When using a balanced antenna such as a half wave dipole, with an unbalanced feed line such as coax, an RF choke can be used to block RF current emitted by the transmitter from splitting up at the antenna feed point and traveling along the antenna and also down the outside of the coax. Without the choke, the outer shield of the coax becomes a radiating part of the antenna, which is usually not desirable.

Why do amateur radio operators refer to the RF choke in this instance as a balun?

To me it seems that the RF choke isn't a balun and doesn't convert an unbalanced transmission line to a balanced system at all, but rather just removes one of the effects of connecting an unbalanced transmission line to a balanced antenna, that being the unwanted current traveling on the outside of the shield of the coax, by blocking it.

Isn't a real balun for example a ferrite ring with wires arranged such that common mode current is cancelled out in the same way that a transmission line operates while at the same time allowing differential mode current to pass?


"Balun" is a portmanteau of "balanced" and "unbalanced". Anything made to interconnect a balanced and unbalanced load can be called a balun.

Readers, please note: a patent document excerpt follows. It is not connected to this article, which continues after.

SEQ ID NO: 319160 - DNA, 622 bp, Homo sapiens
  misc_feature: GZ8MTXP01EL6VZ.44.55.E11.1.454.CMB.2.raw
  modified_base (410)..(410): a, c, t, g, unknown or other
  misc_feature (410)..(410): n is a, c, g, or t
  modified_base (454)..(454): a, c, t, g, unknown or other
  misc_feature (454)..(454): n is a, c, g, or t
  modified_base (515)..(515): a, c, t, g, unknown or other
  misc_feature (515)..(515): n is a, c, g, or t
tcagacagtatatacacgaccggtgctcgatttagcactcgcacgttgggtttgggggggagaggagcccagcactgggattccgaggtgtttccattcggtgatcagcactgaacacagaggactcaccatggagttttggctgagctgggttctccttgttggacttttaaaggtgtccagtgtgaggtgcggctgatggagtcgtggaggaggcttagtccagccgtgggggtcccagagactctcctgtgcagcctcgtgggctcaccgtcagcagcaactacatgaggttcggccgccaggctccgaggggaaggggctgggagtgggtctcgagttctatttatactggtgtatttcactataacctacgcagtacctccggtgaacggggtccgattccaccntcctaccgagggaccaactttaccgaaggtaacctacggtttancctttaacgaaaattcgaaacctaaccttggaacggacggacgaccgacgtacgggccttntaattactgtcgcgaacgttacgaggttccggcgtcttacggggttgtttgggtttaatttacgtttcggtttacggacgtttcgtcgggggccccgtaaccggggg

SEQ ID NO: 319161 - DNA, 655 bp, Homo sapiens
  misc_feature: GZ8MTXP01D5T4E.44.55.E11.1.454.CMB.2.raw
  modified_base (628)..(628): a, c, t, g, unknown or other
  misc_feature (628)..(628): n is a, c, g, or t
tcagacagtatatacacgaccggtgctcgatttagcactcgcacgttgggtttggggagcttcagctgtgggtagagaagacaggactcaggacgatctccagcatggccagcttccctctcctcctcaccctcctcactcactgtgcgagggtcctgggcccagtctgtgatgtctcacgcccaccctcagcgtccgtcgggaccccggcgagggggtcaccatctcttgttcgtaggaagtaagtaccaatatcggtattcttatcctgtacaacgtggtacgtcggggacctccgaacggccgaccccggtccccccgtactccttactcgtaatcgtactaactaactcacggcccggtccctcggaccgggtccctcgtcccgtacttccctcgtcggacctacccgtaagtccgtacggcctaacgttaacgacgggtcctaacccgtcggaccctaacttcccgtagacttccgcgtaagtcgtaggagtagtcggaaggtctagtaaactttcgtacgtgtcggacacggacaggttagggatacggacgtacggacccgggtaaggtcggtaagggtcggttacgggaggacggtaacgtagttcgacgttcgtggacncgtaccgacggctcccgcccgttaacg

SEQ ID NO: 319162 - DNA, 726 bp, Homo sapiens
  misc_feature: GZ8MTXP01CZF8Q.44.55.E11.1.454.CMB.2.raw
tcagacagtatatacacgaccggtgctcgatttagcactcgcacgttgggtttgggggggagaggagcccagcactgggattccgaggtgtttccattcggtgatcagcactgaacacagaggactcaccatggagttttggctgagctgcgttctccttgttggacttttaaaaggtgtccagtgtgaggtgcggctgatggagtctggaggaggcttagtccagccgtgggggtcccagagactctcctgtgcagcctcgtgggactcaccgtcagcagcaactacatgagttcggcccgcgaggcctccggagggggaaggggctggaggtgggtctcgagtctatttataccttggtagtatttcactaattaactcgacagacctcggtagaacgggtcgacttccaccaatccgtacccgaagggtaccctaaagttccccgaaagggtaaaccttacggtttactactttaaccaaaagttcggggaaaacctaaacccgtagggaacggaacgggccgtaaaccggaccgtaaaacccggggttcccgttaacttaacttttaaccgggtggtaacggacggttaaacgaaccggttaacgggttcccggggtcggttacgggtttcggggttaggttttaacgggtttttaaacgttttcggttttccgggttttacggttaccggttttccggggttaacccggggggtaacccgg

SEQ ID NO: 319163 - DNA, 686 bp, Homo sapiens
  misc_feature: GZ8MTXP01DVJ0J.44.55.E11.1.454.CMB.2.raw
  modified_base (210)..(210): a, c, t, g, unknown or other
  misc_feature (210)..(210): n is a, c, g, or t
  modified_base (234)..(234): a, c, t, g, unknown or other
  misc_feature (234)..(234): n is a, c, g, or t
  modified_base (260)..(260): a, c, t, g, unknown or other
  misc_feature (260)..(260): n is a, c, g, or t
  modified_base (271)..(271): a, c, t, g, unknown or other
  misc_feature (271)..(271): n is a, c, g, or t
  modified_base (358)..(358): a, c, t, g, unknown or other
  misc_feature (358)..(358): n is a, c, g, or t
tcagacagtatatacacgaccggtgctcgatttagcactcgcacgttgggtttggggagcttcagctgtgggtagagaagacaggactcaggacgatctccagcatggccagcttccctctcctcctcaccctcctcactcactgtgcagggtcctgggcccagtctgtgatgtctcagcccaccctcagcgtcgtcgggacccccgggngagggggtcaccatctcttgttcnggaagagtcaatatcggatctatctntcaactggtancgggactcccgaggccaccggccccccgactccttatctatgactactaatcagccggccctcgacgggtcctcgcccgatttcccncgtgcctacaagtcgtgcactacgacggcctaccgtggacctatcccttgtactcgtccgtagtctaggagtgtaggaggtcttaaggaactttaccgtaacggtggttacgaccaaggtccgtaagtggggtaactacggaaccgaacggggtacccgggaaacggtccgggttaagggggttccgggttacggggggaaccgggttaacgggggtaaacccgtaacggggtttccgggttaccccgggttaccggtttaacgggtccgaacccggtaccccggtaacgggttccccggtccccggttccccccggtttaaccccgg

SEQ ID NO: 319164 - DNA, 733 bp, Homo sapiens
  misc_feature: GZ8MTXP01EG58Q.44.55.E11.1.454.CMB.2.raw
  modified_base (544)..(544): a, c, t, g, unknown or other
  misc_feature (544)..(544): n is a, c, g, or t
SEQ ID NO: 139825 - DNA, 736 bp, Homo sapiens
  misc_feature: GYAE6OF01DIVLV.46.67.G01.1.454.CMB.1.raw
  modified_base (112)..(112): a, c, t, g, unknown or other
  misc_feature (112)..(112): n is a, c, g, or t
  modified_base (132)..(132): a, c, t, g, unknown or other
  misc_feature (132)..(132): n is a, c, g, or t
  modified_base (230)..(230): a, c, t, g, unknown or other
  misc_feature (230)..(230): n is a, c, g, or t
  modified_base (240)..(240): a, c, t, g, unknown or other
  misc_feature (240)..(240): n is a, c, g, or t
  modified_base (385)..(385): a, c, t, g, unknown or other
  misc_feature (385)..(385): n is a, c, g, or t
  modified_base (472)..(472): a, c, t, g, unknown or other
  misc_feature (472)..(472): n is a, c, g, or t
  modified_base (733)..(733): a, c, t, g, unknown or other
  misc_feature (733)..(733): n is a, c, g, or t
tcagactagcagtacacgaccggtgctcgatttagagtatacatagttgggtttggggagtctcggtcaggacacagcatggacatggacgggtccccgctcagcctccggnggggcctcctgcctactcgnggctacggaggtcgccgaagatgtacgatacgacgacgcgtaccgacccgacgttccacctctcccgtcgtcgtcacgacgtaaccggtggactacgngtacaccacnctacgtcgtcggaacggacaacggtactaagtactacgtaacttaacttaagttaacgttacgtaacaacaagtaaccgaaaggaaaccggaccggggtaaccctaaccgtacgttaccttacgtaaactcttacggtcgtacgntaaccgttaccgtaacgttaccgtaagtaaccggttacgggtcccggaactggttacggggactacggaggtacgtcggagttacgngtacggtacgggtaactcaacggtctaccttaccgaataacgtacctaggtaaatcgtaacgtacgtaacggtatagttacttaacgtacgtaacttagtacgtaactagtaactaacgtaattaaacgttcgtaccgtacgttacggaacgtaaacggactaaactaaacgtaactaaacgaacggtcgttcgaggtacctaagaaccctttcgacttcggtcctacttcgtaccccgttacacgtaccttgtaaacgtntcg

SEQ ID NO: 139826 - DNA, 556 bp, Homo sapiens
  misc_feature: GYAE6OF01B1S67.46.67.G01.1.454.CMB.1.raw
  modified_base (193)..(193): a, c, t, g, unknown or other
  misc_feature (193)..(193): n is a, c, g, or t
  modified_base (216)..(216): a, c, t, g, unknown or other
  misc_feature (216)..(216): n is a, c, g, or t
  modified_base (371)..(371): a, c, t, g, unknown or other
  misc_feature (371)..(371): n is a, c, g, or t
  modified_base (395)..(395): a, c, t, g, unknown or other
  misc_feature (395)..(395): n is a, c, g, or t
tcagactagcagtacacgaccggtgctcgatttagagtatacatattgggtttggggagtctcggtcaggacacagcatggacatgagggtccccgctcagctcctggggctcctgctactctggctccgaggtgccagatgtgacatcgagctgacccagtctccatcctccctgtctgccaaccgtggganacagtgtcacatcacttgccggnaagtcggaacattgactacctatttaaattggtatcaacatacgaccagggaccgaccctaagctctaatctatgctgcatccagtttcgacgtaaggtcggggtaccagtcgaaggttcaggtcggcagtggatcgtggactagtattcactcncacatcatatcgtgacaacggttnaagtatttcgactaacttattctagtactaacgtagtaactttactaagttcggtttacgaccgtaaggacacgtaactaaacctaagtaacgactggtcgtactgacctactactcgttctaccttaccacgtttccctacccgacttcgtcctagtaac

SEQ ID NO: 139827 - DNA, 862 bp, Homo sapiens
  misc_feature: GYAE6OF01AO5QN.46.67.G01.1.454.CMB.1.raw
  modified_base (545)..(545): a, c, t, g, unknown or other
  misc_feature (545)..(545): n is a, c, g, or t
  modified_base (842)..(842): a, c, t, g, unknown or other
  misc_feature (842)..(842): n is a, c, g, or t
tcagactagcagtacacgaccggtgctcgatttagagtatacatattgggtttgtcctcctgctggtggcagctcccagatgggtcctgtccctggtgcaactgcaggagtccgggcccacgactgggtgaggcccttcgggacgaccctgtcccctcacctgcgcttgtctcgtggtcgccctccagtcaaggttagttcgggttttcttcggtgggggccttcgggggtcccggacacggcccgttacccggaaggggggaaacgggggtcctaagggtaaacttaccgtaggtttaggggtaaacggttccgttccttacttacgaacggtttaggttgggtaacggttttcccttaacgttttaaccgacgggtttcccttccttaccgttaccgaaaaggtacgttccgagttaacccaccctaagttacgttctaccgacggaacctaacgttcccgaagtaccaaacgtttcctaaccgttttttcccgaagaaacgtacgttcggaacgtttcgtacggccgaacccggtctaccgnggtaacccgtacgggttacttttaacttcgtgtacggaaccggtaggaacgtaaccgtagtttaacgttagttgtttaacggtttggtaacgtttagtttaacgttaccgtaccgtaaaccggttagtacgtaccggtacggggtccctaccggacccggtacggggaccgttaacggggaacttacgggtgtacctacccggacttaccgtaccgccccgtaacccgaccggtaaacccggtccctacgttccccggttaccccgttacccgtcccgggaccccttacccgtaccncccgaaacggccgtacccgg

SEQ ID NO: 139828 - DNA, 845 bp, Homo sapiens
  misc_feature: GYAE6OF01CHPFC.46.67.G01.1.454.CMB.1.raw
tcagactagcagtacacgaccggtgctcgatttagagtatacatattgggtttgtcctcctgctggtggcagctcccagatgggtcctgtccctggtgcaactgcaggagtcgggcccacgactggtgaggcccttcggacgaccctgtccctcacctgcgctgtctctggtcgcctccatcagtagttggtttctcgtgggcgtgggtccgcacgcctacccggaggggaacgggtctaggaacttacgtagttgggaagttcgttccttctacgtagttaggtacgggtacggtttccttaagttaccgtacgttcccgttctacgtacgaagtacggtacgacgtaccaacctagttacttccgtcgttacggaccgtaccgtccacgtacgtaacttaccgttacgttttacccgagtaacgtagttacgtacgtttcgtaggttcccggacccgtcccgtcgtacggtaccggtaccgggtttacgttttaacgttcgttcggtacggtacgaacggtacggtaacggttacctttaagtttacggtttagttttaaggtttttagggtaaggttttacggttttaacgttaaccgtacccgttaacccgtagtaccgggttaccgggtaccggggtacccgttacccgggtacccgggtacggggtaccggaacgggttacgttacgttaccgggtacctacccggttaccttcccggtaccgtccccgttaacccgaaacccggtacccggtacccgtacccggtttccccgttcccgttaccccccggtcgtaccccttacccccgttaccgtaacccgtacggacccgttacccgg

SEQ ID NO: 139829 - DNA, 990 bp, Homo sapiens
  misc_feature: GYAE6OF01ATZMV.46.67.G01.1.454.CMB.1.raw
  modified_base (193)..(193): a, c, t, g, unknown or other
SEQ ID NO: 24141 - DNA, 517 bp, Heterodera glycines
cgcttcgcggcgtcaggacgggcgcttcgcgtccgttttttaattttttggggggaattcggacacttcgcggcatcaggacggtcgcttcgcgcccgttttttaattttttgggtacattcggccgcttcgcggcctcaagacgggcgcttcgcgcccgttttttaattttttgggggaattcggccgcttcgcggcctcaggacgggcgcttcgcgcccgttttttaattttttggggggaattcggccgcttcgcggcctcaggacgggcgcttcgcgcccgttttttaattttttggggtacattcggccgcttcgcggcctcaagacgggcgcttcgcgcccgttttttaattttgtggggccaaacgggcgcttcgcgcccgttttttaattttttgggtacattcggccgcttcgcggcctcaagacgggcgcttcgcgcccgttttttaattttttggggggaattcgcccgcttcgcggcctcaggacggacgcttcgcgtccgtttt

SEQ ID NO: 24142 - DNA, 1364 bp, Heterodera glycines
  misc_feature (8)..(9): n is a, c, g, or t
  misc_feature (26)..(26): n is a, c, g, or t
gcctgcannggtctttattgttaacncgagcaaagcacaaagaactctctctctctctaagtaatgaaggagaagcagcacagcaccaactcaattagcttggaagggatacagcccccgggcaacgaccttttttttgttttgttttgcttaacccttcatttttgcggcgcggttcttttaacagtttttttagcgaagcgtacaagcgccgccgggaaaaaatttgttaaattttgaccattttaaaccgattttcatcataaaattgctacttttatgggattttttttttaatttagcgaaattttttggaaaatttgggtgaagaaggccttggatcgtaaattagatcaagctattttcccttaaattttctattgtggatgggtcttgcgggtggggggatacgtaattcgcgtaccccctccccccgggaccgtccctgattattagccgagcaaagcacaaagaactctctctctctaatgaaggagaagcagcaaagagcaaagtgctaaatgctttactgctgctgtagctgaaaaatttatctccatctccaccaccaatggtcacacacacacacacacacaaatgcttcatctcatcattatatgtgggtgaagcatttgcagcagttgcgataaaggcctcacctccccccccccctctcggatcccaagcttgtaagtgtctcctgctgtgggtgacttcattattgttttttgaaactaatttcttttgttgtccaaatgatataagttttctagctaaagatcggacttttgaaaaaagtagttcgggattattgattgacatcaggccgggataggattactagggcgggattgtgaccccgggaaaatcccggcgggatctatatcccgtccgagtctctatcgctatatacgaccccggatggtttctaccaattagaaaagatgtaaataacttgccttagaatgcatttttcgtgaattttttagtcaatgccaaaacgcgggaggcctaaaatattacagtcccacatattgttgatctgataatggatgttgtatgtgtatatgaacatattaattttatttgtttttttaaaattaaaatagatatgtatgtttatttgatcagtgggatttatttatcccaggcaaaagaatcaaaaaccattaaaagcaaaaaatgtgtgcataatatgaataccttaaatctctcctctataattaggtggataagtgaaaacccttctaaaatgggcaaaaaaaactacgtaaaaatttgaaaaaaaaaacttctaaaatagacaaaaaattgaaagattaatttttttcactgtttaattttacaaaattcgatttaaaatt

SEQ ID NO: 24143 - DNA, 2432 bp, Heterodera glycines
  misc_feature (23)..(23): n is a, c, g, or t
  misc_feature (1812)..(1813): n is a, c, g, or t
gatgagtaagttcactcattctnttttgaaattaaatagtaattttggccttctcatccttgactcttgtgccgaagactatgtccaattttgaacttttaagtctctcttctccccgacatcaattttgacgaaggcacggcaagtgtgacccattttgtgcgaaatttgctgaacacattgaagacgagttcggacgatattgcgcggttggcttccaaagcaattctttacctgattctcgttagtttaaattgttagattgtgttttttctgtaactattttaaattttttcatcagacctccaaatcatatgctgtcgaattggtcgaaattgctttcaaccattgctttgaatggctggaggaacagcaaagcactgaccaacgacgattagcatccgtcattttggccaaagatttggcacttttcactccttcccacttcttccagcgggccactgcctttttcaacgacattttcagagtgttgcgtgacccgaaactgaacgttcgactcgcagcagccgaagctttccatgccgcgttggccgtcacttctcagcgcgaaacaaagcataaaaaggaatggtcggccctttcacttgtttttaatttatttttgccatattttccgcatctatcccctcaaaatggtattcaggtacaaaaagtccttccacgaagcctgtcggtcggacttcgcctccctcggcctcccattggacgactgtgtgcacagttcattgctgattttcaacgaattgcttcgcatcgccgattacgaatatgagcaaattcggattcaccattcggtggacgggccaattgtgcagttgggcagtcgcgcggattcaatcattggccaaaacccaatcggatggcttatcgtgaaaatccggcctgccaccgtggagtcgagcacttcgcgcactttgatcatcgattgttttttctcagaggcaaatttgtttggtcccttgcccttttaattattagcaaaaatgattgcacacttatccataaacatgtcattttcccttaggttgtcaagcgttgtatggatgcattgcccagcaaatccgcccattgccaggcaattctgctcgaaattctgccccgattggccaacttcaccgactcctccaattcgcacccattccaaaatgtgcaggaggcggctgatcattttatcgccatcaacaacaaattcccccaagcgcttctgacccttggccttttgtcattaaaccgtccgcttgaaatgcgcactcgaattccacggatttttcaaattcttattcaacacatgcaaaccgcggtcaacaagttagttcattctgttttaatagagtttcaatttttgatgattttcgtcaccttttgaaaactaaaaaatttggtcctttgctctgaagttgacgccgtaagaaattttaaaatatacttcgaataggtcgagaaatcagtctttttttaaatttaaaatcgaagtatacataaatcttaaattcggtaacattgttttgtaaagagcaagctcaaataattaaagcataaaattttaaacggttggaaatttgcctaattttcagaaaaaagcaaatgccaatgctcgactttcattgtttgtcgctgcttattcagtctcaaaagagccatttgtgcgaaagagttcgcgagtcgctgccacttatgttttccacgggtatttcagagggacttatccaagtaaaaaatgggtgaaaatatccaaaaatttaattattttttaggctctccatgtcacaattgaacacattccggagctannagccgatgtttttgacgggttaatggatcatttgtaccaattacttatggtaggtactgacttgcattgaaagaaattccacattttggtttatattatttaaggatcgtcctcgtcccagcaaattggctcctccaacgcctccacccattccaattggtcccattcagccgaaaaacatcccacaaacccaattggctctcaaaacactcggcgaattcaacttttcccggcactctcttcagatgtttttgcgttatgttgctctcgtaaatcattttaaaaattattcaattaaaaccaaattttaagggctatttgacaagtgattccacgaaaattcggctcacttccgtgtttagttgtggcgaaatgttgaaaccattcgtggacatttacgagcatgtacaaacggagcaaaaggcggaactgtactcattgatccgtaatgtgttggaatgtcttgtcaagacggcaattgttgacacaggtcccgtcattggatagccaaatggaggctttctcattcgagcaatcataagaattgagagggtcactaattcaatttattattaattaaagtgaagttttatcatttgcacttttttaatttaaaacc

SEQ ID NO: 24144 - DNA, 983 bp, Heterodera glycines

A common-mode choke (like a length of coax wound over a ferrite ring) works as a balun because it inserts a high impedance in the common-mode without affecting the differential-mode. By action similar to a voltage divider, most of the current will then favor the differential-mode.

Typically the differential-mode impedance will be something like 50 or 75 ohms: it's simply the design feedpoint impedance of the antenna. A decent choke can provide a common-mode impedance of 4000 ohms. Because the differential-mode impedance is so much lower, the common-mode current will be very low, practically negligible.

A common-mode choke like this accomplishes the objective of converting between a balanced and unbalanced load. It's easy to manufacture, has low loss, high power handling, can be effective over a wide band, is inexpensive, and works even if the "balanced" load isn't quite perfectly balanced.

This is by no means the only way to make a balun, but for HF and lower this particular design has a lot of advantages, making it very popular. It is very much a proper balun, and with an appropriate design and application is can be a superb solution.

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